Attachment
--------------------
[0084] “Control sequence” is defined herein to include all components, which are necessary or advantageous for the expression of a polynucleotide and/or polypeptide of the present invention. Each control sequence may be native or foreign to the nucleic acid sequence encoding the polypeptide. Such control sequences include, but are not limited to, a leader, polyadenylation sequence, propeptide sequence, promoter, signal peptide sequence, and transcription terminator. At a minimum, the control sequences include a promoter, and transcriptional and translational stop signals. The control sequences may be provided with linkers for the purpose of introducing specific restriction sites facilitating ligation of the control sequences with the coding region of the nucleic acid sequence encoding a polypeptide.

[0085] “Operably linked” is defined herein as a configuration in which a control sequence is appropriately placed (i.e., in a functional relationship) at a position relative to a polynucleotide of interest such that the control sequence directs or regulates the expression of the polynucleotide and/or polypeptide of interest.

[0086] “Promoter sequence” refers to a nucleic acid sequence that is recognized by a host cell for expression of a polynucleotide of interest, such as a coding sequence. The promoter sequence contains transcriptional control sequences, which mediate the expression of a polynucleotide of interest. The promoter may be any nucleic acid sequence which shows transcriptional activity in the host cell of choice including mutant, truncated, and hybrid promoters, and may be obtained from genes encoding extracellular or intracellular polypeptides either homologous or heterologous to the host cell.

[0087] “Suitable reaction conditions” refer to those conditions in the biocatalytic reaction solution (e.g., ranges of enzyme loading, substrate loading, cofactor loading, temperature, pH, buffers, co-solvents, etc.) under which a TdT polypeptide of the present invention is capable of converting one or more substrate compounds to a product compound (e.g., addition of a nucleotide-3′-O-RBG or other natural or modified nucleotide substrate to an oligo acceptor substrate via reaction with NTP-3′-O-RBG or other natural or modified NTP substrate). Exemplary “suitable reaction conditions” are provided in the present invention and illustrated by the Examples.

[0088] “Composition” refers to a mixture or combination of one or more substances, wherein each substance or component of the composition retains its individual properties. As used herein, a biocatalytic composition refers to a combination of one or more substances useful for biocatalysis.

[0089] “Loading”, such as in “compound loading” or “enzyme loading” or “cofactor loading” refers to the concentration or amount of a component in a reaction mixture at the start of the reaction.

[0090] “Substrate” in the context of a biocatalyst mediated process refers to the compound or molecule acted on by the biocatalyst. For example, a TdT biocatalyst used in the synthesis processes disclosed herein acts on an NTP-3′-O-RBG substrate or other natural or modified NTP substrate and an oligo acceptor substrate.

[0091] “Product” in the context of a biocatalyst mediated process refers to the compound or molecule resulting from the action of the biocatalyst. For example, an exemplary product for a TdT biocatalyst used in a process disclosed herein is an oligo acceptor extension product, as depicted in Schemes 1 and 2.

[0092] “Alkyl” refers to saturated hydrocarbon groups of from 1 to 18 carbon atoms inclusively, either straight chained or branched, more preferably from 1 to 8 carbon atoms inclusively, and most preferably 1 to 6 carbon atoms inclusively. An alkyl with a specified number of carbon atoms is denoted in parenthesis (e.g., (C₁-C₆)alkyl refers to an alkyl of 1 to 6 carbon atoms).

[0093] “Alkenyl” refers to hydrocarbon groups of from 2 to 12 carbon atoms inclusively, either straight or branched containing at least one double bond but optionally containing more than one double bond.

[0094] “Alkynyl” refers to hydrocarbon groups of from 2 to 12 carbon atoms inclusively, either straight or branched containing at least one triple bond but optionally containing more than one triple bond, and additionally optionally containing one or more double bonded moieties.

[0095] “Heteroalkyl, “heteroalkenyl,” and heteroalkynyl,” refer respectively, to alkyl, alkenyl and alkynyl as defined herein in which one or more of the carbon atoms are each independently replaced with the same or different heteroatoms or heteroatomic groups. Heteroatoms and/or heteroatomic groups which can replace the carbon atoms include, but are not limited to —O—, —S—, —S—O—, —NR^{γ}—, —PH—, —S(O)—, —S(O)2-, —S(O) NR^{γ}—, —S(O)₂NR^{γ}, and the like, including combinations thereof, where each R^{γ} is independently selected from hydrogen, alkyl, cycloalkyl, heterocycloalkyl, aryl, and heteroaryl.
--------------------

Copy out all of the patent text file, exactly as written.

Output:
[0084] “Control sequence” is defined herein to include all components, which are necessary or advantageous for the expression of a polynucleotide and/or polypeptide of the present invention. Each control sequence may be native or foreign to the nucleic acid sequence encoding the polypeptide. Such control sequences include, but are not limited to, a leader, polyadenylation sequence, propeptide sequence, promoter, signal peptide sequence, and transcription terminator. At a minimum, the control sequences include a promoter, and transcriptional and translational stop signals. The control sequences may be provided with linkers for the purpose of introducing specific restriction sites facilitating ligation of the control sequences with the coding region of the nucleic acid sequence encoding a polypeptide.

[0085] “Operably linked” is defined herein as a configuration in which a control sequence is appropriately placed (i.e., in a functional relationship) at a position relative to a polynucleotide of interest such that the control sequence directs or regulates the expression of the polynucleotide and/or polypeptide of interest.

[0086] “Promoter sequence” refers to a nucleic acid sequence that is recognized by a host cell for expression of a polynucleotide of interest, such as a coding sequence. The promoter sequence contains transcriptional control sequences, which mediate the expression of a polynucleotide of interest. The promoter may be any nucleic acid sequence which shows transcriptional activity in the host cell of choice including mutant, truncated, and hybrid promoters, and may be obtained from genes encoding extracellular or intracellular polypeptides either homologous or heterologous to the host cell.

[0087] “Suitable reaction conditions” refer to those conditions in the biocatalytic reaction solution (e.g., ranges of enzyme loading, substrate loading, cofactor loading, temperature, pH, buffers, co-solvents, etc.) under which a TdT polypeptide of the present invention is capable of converting one or more substrate compounds to a product compound (e.g., addition of a nucleotide-3′-O-RBG or other natural or modified nucleotide substrate to an oligo acceptor substrate via reaction with NTP-3′-O-RBG or other natural or modified NTP substrate). Exemplary “suitable reaction conditions” are provided in the present invention and illustrated by the Examples.

[0088] “Composition” refers to a mixture or combination of one or more substances, wherein each substance or component of the composition retains its individual properties. As used herein, a biocatalytic composition refers to a combination of one or more substances useful for biocatalysis.

[0089] “Loading”, such as in “compound loading” or “enzyme loading” or “cofactor loading” refers to the concentration or amount of a component in a reaction mixture at the start of the reaction.

[0090] “Substrate” in the context of a biocatalyst mediated process refers to the compound or molecule acted on by the biocatalyst. For example, a TdT biocatalyst used in the synthesis processes disclosed herein acts on an NTP-3′-O-RBG substrate or other natural or modified NTP substrate and an oligo acceptor substrate.

[0091] “Product” in the context of a biocatalyst mediated process refers to the compound or molecule resulting from the action of the biocatalyst. For example, an exemplary product for a TdT biocatalyst used in a process disclosed herein is an oligo acceptor extension product, as depicted in Schemes 1 and 2.

[0092] “Alkyl” refers to saturated hydrocarbon groups of from 1 to 18 carbon atoms inclusively, either straight chained or branched, more preferably from 1 to 8 carbon atoms inclusively, and most preferably 1 to 6 carbon atoms inclusively. An alkyl with a specified number of carbon atoms is denoted in parenthesis (e.g., (C₁-C₆)alkyl refers to an alkyl of 1 to 6 carbon atoms).

[0093] “Alkenyl” refers to hydrocarbon groups of from 2 to 12 carbon atoms inclusively, either straight or branched containing at least one double bond but optionally containing more than one double bond.

[0094] “Alkynyl” refers to hydrocarbon groups of from 2 to 12 carbon atoms inclusively, either straight or branched containing at least one triple bond but optionally containing more than one triple bond, and additionally optionally containing one or more double bonded moieties.

[0095] “Heteroalkyl, “heteroalkenyl,” and heteroalkynyl,” refer respectively, to alkyl, alkenyl and alkynyl as defined herein in which one or more of the carbon atoms are each independently replaced with the same or different heteroatoms or heteroatomic groups. Heteroatoms and/or heteroatomic groups which can replace the carbon atoms include, but are not limited to —O—, —S—, —S—O—, —NR^{γ}—, —PH—, —S(O)—, —S(O)2-, —S(O) NR^{γ}—, —S(O)₂NR^{γ}, and the like, including combinations thereof, where each R^{γ} is independently selected from hydrogen, alkyl, cycloalkyl, heterocycloalkyl, aryl, and heteroaryl.